One-handed keyboard on the cheap

The Belkin Nostromo n52 Speedpad has 14 typewriter-style keys that chord (meaning they can all be read individually), LEDs, a dial, and a game controller with firing button. That's easily enough to make a chording keyboard. You can use the game controller as four shift keys (your thumb rests upon it).

To make the job easier, here's C code to read the device on Linux. To finish the job, you'll also have to push key events back into the Linux console or X Windows. Code to do that is already available on the net, it's been written for use with other USB devices.
/* Copyright 2003 Bruce Perens.
You may use this software under
the BSD license without the
advertising clause. */
#include
#include
#include
#include
#include
#include

struct chord_context {
unsigned int pressed;
unsigned int first_release;
};

static const char keyboard_device[] = "/dev/input/event0";
unsigned int key_base = 304;

void
character(unsigned int code)
{
printf("%xn", code);
fflush(stdout);
}

void
key(int code, int pressed, struct chord_context * context)
{
if ( pressed ) {
context->first_release = 1;
context->pressed |= 1 < < (code - key_base);
}
else {
if ( context->first_release ) {
context->first_release = 0;
character(context->pressed);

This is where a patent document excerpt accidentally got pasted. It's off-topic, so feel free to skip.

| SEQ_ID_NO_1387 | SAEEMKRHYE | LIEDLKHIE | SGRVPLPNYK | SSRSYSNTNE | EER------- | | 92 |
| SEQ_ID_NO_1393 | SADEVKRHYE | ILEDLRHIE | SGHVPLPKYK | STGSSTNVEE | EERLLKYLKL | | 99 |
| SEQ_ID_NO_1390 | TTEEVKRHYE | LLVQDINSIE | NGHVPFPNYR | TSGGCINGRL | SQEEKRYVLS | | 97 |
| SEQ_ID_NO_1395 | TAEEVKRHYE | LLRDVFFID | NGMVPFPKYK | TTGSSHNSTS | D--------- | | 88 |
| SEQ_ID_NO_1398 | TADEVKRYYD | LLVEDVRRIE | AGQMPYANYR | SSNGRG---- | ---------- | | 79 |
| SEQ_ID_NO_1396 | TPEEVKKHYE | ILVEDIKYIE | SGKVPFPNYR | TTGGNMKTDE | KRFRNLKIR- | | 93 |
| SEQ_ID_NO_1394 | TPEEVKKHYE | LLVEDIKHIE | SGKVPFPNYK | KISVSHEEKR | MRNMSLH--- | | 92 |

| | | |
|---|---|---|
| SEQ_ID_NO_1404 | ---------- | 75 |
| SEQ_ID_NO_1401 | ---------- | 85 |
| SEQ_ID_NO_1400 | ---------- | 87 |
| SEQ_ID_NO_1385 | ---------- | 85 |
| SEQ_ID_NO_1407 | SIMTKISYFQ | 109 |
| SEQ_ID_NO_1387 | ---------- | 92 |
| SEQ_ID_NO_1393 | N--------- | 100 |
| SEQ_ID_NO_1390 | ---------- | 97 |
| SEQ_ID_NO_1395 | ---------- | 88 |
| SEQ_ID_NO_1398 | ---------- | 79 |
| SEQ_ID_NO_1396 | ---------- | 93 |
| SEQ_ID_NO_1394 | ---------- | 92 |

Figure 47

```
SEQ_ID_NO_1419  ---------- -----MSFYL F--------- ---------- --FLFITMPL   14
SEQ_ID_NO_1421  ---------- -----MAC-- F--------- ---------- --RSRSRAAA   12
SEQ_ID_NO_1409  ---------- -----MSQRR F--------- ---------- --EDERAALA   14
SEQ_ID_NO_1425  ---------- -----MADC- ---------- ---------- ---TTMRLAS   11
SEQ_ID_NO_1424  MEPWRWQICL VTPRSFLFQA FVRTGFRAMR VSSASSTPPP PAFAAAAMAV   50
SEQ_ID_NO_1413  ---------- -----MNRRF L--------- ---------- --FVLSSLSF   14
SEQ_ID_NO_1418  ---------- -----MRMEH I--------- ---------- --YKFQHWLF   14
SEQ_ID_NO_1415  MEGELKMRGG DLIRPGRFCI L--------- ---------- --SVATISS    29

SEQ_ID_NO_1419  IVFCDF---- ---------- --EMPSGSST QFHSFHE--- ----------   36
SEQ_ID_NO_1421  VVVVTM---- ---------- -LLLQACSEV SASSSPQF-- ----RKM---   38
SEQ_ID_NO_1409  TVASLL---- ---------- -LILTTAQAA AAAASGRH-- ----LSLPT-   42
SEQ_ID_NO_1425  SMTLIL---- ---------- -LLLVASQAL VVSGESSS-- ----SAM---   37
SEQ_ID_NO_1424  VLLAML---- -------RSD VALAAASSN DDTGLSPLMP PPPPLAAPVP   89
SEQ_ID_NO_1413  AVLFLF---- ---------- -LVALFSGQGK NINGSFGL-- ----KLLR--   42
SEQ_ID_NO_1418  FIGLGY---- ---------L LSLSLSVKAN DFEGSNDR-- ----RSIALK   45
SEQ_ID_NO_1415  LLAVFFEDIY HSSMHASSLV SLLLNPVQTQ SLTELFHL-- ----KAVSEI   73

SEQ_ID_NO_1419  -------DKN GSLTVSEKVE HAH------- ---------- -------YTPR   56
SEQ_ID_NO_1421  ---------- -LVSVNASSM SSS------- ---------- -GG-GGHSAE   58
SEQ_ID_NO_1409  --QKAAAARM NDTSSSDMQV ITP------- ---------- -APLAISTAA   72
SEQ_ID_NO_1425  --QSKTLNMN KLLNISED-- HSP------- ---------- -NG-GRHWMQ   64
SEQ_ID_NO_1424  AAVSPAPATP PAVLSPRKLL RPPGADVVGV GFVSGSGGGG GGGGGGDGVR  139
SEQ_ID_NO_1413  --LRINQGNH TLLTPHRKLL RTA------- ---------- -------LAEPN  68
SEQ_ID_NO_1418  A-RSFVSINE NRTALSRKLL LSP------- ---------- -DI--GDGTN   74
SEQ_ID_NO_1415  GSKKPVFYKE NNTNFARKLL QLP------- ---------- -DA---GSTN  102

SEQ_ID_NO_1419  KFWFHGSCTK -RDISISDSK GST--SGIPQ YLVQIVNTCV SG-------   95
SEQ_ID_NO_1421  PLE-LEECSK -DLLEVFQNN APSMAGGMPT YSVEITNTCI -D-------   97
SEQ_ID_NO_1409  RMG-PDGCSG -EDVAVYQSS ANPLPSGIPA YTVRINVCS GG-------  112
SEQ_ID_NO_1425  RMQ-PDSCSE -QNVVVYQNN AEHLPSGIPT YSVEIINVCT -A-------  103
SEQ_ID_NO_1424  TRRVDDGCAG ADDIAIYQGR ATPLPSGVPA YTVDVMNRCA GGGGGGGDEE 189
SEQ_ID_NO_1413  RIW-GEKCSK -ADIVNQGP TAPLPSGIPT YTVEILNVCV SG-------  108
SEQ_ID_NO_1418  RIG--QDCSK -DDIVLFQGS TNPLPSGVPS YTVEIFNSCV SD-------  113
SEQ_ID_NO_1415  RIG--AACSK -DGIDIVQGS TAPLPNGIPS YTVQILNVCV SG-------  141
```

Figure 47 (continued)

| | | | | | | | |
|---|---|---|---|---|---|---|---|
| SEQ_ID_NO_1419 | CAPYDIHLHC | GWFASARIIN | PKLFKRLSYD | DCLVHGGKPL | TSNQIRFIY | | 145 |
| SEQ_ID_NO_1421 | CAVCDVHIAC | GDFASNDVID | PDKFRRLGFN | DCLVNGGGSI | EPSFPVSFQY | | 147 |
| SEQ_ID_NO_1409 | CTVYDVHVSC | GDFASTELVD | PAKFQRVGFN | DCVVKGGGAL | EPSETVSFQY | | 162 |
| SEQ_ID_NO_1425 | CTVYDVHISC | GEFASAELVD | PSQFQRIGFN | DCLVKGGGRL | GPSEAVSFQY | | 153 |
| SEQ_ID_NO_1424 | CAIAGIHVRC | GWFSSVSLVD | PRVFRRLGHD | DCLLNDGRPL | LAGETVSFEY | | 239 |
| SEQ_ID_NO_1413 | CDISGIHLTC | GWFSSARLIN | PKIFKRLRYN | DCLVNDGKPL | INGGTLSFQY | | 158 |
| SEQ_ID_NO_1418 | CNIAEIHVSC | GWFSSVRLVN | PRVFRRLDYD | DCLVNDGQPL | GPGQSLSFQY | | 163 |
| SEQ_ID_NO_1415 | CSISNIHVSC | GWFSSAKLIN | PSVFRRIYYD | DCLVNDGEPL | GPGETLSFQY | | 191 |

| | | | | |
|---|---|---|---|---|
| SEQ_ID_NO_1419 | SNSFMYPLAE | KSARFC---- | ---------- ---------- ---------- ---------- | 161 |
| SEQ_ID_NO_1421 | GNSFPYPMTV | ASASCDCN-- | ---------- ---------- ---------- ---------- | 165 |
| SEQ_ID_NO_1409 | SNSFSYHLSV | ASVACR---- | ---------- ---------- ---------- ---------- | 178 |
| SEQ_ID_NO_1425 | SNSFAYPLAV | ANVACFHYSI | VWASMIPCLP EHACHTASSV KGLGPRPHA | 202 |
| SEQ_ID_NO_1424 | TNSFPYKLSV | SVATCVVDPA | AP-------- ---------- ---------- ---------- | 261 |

fflush(stdout);
}
context->pressed &= ~(1 << (code - key_base));
}
}

int
main()
{
struct input_event event;
struct chord_context context;
int fd;
int size;

fd = open(keyboard_device, O_RDWR, 0);

if ( fd < 0 ) {
perror(keyboard_device);
exit(1);
}

memset(&context, 0, sizeof(context));

while ( (size = read(fd, &event, sizeof(event)))
== sizeof(event) ) {
if ( event.type == EV_KEY )
key(event.code, event.value, &context);
}
return 0;

About this article

written on
posted in General Back to Top

About the Author

Andrew Turner is an advocate of open standards and open data. He is actively involved in many organizations developing and supporting open standards, including OpenStreetMap, Open Geospatial Consortium, Open Web Foundation, OSGeo, and the World Wide Web Consortium. He co-founded CrisisCommons, a community of volunteers that, in coordination with government agencies and disaster response groups, build technology tools to help people in need during and after a crisis such as an earthquake, tsunami, tornado, hurricane, flood, or wildfire.